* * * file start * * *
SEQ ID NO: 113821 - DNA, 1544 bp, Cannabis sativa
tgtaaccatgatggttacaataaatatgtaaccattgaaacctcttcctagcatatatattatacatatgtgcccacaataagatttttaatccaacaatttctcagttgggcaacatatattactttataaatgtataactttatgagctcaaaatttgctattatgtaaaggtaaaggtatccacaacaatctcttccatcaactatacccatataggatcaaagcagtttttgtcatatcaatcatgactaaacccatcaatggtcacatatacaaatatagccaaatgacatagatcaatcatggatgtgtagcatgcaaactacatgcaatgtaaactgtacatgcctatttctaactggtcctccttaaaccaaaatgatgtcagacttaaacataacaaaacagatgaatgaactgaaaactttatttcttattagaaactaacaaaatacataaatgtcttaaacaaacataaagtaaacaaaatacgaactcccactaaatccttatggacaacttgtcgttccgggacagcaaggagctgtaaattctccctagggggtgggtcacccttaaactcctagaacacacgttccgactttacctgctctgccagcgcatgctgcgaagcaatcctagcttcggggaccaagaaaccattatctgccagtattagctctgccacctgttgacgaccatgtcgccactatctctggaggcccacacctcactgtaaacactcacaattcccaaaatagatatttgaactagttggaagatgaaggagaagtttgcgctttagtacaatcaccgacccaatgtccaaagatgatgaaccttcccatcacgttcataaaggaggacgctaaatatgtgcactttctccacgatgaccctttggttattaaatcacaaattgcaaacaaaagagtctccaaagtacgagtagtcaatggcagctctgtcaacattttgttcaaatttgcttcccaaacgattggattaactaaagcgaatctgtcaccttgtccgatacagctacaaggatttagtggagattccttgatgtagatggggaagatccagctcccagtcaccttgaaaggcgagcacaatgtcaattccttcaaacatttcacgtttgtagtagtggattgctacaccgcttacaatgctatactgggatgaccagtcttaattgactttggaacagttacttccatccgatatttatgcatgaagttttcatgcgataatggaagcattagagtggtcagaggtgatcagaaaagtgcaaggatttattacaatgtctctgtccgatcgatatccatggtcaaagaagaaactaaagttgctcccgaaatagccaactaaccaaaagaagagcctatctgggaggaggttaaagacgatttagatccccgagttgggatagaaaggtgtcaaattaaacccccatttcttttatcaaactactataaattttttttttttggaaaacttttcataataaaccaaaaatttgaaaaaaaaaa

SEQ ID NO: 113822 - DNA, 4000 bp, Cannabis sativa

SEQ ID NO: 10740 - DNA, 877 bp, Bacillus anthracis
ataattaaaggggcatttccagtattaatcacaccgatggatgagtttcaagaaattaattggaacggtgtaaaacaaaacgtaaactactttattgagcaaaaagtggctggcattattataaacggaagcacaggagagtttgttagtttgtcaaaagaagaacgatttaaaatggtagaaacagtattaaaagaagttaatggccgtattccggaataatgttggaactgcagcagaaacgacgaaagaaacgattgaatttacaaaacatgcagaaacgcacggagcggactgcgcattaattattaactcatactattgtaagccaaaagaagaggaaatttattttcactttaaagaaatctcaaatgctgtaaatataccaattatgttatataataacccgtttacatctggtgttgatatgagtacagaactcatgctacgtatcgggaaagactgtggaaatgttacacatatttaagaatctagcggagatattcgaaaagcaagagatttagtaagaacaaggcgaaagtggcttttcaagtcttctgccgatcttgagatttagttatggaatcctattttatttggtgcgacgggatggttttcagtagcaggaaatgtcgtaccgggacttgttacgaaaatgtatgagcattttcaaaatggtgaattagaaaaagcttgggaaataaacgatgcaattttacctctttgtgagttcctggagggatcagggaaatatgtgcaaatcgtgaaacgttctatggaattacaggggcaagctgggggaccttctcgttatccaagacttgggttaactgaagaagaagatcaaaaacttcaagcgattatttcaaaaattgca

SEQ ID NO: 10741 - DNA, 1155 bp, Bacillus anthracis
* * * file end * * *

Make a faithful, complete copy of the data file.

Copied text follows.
SEQ ID NO: 113821 - DNA, 1544 bp, Cannabis sativa
tgtaaccatgatggttacaataaatatgtaaccattgaaacctcttcctagcatatatattatacatatgtgcccacaataagatttttaatccaacaatttctcagttgggcaacatatattactttataaatgtataactttatgagctcaaaatttgctattatgtaaaggtaaaggtatccacaacaatctcttccatcaactatacccatataggatcaaagcagtttttgtcatatcaatcatgactaaacccatcaatggtcacatatacaaatatagccaaatgacatagatcaatcatggatgtgtagcatgcaaactacatgcaatgtaaactgtacatgcctatttctaactggtcctccttaaaccaaaatgatgtcagacttaaacataacaaaacagatgaatgaactgaaaactttatttcttattagaaactaacaaaatacataaatgtcttaaacaaacataaagtaaacaaaatacgaactcccactaaatccttatggacaacttgtcgttccgggacagcaaggagctgtaaattctccctagggggtgggtcacccttaaactcctagaacacacgttccgactttacctgctctgccagcgcatgctgcgaagcaatcctagcttcggggaccaagaaaccattatctgccagtattagctctgccacctgttgacgaccatgtcgccactatctctggaggcccacacctcactgtaaacactcacaattcccaaaatagatatttgaactagttggaagatgaaggagaagtttgcgctttagtacaatcaccgacccaatgtccaaagatgatgaaccttcccatcacgttcataaaggaggacgctaaatatgtgcactttctccacgatgaccctttggttattaaatcacaaattgcaaacaaaagagtctccaaagtacgagtagtcaatggcagctctgtcaacattttgttcaaatttgcttcccaaacgattggattaactaaagcgaatctgtcaccttgtccgatacagctacaaggatttagtggagattccttgatgtagatggggaagatccagctcccagtcaccttgaaaggcgagcacaatgtcaattccttcaaacatttcacgtttgtagtagtggattgctacaccgcttacaatgctatactgggatgaccagtcttaattgactttggaacagttacttccatccgatatttatgcatgaagttttcatgcgataatggaagcattagagtggtcagaggtgatcagaaaagtgcaaggatttattacaatgtctctgtccgatcgatatccatggtcaaagaagaaactaaagttgctcccgaaatagccaactaaccaaaagaagagcctatctgggaggaggttaaagacgatttagatccccgagttgggatagaaaggtgtcaaattaaacccccatttcttttatcaaactactataaattttttttttttggaaaacttttcataataaaccaaaaatttgaaaaaaaaaa

SEQ ID NO: 113822 - DNA, 4000 bp, Cannabis sativa

SEQ ID NO: 10740 - DNA, 877 bp, Bacillus anthracis
ataattaaaggggcatttccagtattaatcacaccgatggatgagtttcaagaaattaattggaacggtgtaaaacaaaacgtaaactactttattgagcaaaaagtggctggcattattataaacggaagcacaggagagtttgttagtttgtcaaaagaagaacgatttaaaatggtagaaacagtattaaaagaagttaatggccgtattccggaataatgttggaactgcagcagaaacgacgaaagaaacgattgaatttacaaaacatgcagaaacgcacggagcggactgcgcattaattattaactcatactattgtaagccaaaagaagaggaaatttattttcactttaaagaaatctcaaatgctgtaaatataccaattatgttatataataacccgtttacatctggtgttgatatgagtacagaactcatgctacgtatcgggaaagactgtggaaatgttacacatatttaagaatctagcggagatattcgaaaagcaagagatttagtaagaacaaggcgaaagtggcttttcaagtcttctgccgatcttgagatttagttatggaatcctattttatttggtgcgacgggatggttttcagtagcaggaaatgtcgtaccgggacttgttacgaaaatgtatgagcattttcaaaatggtgaattagaaaaagcttgggaaataaacgatgcaattttacctctttgtgagttcctggagggatcagggaaatatgtgcaaatcgtgaaacgttctatggaattacaggggcaagctgggggaccttctcgttatccaagacttgggttaactgaagaagaagatcaaaaacttcaagcgattatttcaaaaattgca

SEQ ID NO: 10741 - DNA, 1155 bp, Bacillus anthracis